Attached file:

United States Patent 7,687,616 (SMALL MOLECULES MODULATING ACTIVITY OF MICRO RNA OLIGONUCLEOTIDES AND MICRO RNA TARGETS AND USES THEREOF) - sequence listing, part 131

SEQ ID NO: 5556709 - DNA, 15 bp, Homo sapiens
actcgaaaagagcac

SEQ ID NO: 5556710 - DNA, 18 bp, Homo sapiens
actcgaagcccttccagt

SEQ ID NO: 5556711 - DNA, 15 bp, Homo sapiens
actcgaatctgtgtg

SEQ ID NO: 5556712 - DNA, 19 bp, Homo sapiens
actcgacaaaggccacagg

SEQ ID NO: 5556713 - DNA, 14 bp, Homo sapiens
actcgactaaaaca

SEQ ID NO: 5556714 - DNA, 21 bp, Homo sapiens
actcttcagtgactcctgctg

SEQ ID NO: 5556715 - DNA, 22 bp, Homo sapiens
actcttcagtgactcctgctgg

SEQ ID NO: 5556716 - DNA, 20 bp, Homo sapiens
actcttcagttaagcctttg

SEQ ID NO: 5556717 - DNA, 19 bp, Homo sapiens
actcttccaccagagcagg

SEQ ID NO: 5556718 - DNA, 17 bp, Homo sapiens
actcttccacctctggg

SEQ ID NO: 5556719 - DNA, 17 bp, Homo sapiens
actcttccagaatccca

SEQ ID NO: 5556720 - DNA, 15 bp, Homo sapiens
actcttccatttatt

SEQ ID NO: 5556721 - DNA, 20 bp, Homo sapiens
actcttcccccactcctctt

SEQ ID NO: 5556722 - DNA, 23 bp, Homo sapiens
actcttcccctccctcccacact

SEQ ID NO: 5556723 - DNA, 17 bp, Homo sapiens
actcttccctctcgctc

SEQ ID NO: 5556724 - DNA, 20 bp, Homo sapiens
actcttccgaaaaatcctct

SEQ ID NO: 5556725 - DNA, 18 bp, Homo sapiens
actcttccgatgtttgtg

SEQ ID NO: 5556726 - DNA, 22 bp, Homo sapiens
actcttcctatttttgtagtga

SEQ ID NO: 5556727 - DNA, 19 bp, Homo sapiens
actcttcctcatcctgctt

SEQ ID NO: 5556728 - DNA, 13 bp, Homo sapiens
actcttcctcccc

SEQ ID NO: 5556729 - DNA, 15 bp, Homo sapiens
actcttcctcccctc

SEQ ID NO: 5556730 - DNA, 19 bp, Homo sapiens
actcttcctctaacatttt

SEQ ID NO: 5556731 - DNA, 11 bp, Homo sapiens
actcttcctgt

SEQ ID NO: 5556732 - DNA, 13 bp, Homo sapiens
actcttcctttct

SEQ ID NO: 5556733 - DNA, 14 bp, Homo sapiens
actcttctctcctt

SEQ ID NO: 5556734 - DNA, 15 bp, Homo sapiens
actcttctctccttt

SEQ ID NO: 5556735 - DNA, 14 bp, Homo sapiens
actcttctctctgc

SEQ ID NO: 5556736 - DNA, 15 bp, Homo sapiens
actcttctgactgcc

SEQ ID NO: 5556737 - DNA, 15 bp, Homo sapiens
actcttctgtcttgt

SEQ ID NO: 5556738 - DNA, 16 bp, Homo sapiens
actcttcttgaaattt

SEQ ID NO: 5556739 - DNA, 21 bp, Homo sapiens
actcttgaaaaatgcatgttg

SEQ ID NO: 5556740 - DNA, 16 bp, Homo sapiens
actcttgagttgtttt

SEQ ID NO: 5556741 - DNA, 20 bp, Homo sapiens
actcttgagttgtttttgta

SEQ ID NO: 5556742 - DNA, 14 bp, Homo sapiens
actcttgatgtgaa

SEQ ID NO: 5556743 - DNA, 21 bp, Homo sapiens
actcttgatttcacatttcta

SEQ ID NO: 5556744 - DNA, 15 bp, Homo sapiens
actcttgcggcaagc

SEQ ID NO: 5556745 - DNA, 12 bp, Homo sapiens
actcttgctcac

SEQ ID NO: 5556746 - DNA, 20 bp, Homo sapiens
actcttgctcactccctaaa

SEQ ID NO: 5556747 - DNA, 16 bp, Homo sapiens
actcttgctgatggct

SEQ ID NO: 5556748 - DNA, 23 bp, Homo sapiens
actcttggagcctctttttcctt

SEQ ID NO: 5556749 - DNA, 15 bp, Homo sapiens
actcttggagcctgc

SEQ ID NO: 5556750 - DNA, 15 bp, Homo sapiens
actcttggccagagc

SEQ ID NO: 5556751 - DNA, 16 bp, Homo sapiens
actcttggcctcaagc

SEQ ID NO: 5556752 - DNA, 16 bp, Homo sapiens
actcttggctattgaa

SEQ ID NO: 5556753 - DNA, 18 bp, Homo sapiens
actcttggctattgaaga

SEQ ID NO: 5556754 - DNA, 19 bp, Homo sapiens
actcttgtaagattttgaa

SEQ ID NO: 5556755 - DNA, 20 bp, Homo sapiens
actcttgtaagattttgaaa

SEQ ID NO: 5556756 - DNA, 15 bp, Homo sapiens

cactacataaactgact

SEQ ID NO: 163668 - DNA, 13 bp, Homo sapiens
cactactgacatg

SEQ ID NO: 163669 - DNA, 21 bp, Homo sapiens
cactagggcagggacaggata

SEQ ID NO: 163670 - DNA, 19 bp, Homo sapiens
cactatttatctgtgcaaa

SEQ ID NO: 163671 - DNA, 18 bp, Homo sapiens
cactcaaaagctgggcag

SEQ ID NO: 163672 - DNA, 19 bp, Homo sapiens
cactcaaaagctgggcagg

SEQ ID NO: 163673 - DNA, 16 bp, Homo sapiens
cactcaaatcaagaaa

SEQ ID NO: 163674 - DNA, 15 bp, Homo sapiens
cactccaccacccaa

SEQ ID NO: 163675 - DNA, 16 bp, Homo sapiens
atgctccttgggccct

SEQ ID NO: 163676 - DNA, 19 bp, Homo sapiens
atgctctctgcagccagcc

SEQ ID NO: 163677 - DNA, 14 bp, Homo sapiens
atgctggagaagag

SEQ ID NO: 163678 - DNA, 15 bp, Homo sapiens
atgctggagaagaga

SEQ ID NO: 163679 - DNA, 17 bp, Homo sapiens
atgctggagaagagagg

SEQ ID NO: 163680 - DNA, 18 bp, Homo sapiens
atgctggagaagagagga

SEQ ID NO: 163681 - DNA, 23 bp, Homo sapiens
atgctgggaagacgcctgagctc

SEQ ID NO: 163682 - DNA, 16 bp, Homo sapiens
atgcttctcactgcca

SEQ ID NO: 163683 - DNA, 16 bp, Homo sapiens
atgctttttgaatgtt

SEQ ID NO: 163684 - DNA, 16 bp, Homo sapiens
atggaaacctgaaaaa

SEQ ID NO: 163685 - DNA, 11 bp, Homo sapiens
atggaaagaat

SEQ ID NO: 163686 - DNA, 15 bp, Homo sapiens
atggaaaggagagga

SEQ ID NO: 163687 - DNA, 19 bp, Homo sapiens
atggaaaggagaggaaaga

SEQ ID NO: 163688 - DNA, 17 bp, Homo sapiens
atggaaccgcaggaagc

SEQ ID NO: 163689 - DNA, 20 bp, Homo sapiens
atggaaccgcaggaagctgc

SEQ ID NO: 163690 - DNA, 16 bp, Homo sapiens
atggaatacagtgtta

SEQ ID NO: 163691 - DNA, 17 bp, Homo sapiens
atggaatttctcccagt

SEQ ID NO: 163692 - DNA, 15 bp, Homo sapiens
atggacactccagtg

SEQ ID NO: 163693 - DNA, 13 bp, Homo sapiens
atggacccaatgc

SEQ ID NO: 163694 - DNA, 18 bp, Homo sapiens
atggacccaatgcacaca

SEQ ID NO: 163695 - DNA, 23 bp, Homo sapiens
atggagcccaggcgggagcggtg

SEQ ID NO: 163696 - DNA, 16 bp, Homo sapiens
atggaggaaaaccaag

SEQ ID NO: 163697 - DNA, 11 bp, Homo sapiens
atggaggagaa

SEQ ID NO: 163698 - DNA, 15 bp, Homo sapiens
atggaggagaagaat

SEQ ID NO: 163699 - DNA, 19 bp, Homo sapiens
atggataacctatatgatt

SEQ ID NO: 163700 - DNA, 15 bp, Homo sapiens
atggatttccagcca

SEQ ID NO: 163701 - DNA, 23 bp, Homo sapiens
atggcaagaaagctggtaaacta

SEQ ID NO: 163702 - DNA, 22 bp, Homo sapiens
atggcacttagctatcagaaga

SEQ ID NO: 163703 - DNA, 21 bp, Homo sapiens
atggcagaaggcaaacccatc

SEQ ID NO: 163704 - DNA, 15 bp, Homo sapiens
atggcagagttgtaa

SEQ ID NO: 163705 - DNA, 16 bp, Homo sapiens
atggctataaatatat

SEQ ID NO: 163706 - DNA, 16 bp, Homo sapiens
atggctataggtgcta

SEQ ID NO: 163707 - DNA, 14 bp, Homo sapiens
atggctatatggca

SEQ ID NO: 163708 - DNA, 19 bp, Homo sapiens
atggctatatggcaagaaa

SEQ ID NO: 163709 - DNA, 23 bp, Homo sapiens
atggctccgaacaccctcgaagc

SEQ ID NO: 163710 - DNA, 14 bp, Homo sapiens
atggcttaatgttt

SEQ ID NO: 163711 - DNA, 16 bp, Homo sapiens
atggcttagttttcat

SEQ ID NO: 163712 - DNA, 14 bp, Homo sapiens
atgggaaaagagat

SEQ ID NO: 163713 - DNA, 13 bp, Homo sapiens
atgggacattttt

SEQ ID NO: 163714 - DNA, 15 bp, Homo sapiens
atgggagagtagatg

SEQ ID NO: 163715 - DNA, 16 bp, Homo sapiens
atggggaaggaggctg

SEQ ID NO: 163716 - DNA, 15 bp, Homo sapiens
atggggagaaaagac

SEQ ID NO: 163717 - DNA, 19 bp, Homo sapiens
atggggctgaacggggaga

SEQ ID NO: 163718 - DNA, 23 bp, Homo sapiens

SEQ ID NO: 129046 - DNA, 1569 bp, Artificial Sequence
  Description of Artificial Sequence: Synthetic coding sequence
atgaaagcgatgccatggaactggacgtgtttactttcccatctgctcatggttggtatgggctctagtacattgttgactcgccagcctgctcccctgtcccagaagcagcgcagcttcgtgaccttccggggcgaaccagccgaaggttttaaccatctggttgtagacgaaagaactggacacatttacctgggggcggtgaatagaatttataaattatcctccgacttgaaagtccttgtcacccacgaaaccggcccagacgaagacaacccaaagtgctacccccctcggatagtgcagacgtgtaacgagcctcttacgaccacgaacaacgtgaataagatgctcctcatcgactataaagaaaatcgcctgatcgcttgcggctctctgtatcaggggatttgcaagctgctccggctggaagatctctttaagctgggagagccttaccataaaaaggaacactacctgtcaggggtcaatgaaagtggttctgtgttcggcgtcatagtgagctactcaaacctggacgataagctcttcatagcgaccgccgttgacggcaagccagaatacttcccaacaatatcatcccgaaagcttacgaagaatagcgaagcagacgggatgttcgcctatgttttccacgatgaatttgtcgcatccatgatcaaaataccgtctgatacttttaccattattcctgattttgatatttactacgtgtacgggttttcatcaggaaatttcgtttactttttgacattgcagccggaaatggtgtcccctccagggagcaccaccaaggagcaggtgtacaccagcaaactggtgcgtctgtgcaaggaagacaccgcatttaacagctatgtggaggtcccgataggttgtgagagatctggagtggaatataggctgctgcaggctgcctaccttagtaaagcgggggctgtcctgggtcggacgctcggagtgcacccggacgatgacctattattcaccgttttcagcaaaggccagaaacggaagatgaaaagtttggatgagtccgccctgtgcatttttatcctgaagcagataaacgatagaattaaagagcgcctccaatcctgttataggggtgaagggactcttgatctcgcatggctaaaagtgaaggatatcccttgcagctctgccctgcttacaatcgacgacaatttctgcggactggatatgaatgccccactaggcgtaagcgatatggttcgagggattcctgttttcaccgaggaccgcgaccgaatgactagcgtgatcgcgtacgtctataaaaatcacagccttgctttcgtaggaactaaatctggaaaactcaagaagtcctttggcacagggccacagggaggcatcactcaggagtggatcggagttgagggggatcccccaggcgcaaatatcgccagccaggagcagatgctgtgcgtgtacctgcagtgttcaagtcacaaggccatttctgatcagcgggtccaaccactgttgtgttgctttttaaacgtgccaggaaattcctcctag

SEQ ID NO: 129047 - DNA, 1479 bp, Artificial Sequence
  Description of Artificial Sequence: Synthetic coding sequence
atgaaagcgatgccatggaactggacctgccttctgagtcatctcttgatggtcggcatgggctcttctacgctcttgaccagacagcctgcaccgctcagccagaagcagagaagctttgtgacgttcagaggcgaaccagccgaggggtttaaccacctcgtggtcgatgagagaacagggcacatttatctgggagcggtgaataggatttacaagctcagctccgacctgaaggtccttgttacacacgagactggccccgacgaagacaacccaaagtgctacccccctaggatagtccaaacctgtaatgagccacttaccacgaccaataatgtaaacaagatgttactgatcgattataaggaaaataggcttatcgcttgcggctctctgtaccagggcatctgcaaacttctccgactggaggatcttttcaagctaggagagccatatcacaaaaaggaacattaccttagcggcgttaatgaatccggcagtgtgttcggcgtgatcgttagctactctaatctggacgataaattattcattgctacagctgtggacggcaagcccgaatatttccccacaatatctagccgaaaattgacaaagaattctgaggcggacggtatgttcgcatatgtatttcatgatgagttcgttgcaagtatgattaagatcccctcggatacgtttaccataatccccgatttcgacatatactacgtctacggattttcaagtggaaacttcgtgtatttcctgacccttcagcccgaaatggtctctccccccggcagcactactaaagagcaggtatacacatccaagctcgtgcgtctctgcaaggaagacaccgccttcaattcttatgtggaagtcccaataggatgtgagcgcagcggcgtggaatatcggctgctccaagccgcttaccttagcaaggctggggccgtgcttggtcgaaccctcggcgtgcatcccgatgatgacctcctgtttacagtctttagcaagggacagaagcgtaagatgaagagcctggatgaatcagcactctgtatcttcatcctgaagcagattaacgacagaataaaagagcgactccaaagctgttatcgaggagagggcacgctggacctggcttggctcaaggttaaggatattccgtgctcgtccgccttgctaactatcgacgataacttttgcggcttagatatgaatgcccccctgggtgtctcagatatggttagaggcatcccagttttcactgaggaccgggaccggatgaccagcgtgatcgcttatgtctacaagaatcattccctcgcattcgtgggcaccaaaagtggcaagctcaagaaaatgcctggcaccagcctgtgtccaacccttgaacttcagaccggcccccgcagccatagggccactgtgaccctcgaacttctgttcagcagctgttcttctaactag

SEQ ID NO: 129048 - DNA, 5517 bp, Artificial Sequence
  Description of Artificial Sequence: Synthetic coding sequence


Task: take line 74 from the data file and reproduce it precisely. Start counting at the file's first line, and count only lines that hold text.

SEQ ID NO: 5556745 - DNA, 12 bp, Homo sapiens